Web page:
#BankingOnValues @CatalystWarrior @bankingonvalues @VoiceAmBusiness  @James_Vaccaro @TriodosUK

High Performing Teams

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High Performing Teams

teampyramid

How do you build high performing teams?  How do you build trust?  How can you become corporate athletes?

This is about what it takes to build teams and lead them in today’s business world.  This isn’t about authority, it is about influence.  This is about the Law of Solid Ground.  And understanding that trust is something you have to earn as a leader.  And knowing when to train, perform, celebrate and rest to be a corporate athlete.  Because this is a marathon not a sprint.  And the 4 stages of team performance: form, storm, norm and perform.  And knowing what stage you are in and how to get to the next one.

Building trust is step one.  According to John C Maxwell’s book “The 21 Irrefutable Laws of Leadership”, trust is the foundation of leadership.  He talks about the Law of Solid Ground. And that to build trust a leader must exemplify the qualities of:  competence, connection and character.  People will forgive occasional mistakes based on ability, especially if they see that you are still growing as a leader.  However you need to own up to it and make sure it doesn’t happen again.

How do you build trust in an organization?  How do you know you are on Solid Ground?
Go through “The Trust Check List” and evaluate your ability to adhere  to certain behaviors.  These behaviors if followed consistently, can help to build trust.  And here they are:
1. Keep promises and honor commitments?
2. Acknowledge and apologize for your mistakes?
3. Remain loyal to the absent?
4. Share information, both positive and negative, with the people who need it?
5. Involve others in decisions that affect them?
6. Give credit where credit is due?
7. Communicate consistently, regardless of the situation or the person’s authority or influence?
8. Honor confidential and sensitive information?

And even with the foundation of trust teams go through 4 stages before they really get to performance:  form, storm, norm and perform.  And you can’t skip a stage.  You need to go through each one.  And when you add a new team member that team has to go through it all again…..so what are the stages and how do you get through them?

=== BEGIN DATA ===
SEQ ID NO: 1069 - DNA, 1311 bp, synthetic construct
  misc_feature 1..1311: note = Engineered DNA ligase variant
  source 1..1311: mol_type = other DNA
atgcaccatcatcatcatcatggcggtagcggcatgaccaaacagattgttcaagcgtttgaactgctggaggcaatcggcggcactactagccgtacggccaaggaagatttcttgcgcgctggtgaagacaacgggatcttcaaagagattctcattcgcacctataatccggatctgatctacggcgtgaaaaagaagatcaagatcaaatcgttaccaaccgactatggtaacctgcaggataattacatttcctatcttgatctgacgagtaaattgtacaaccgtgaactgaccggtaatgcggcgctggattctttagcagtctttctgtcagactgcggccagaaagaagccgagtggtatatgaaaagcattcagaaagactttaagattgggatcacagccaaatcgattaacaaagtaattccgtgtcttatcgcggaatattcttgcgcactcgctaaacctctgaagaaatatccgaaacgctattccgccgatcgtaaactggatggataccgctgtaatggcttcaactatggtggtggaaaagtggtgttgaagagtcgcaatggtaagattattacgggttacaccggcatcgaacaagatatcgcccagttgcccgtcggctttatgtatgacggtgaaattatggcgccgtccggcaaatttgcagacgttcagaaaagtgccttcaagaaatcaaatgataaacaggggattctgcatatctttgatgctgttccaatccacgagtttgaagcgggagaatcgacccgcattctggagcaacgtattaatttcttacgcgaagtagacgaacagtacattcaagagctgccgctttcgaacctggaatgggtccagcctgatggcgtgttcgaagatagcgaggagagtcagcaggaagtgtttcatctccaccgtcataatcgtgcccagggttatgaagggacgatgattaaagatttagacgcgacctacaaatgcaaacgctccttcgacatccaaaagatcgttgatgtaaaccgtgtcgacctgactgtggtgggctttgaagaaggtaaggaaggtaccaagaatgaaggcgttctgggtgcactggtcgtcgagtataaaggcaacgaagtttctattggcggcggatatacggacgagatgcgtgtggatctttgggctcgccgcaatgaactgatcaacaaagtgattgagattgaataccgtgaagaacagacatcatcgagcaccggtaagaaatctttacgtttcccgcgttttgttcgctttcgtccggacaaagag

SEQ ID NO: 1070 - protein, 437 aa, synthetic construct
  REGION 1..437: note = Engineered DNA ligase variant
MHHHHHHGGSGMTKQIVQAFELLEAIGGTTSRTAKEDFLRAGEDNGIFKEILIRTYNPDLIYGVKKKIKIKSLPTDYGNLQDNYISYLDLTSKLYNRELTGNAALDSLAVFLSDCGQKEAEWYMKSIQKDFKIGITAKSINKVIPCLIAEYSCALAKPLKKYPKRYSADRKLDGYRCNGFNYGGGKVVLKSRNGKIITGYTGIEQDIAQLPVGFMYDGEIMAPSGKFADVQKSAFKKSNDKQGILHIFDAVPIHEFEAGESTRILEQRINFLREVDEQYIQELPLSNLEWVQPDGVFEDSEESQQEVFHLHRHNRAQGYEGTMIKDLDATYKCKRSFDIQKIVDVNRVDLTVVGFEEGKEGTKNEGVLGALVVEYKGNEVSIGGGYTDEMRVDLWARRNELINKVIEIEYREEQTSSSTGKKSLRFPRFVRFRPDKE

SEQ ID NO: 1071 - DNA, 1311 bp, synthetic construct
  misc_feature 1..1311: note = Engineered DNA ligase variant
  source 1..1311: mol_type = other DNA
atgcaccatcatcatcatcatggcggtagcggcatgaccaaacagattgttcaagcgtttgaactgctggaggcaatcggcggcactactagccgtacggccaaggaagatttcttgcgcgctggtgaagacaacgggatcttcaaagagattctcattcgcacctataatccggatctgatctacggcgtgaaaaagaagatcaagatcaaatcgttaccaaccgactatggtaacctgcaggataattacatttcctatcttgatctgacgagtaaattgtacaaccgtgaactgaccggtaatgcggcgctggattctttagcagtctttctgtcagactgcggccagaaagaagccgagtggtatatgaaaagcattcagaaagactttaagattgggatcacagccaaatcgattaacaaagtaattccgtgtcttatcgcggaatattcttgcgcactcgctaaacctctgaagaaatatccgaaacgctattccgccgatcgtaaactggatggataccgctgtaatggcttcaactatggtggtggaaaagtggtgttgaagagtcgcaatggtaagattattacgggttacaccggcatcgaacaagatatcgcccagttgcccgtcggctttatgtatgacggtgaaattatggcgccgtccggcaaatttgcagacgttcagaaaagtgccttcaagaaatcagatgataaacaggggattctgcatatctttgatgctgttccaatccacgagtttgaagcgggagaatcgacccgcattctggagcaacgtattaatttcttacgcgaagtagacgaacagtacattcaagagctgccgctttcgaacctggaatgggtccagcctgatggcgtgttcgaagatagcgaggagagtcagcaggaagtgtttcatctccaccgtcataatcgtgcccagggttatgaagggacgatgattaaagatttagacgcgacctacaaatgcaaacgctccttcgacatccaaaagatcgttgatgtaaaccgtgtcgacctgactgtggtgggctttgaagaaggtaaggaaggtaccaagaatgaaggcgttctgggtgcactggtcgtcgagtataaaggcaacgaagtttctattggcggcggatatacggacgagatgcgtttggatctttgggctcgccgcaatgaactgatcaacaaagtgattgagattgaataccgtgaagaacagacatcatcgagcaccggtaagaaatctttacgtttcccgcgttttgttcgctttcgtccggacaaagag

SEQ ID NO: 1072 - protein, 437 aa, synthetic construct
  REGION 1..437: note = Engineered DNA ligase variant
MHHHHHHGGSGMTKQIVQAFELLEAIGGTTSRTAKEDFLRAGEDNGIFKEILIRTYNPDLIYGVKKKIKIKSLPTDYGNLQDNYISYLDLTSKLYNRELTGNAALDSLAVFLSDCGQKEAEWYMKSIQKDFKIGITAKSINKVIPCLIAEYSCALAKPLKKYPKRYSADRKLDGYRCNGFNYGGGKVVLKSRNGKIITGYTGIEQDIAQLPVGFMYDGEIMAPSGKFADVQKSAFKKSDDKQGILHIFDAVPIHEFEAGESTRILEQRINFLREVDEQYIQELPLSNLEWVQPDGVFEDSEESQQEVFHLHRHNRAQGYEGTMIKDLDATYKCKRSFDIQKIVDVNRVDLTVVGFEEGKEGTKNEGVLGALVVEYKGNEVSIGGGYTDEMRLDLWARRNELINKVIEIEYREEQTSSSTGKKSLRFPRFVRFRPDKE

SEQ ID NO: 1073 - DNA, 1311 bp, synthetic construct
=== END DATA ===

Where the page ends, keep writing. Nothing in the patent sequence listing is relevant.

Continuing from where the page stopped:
Forming – this is the stage where you are just getting to know each other and everyone is polite and has not figured out how to challenge the leader or the team.  This stage may feel very nice but it can get you into trouble as I learned when I was working in advertising.  The team was so new that we did not know how to challenge the advertising campaign that was being created.  It led us to make the worst advertising campaign I have ever been associated with…I wish we had known about the 4 stages of team performance.

Storming – this can be the scariest stage. This occurs when people start to challenge the leadership, the other team members, begin to jockey for position. There is a lot of tension and it is best if someone helps the team to get through the storm.  To use this as an opportunity to create some “rules of engagement”.  People need to be able to challenge the work, the direction of the team.  This is really for the purpose of making it better.  Keep it out of the personal and focus on the work or task at hand.  If you are a team that can storm well you will get to a high performing team that will exceed expectations.

Norming – now we are all starting to calm down, settle into our roles and forgive each other’s little idiosyncrasies.  At this stage you are now able to focus on the work and not be distracted by the little things.  You understand each other better and have come to appreciate your differences and how this adds to the final product.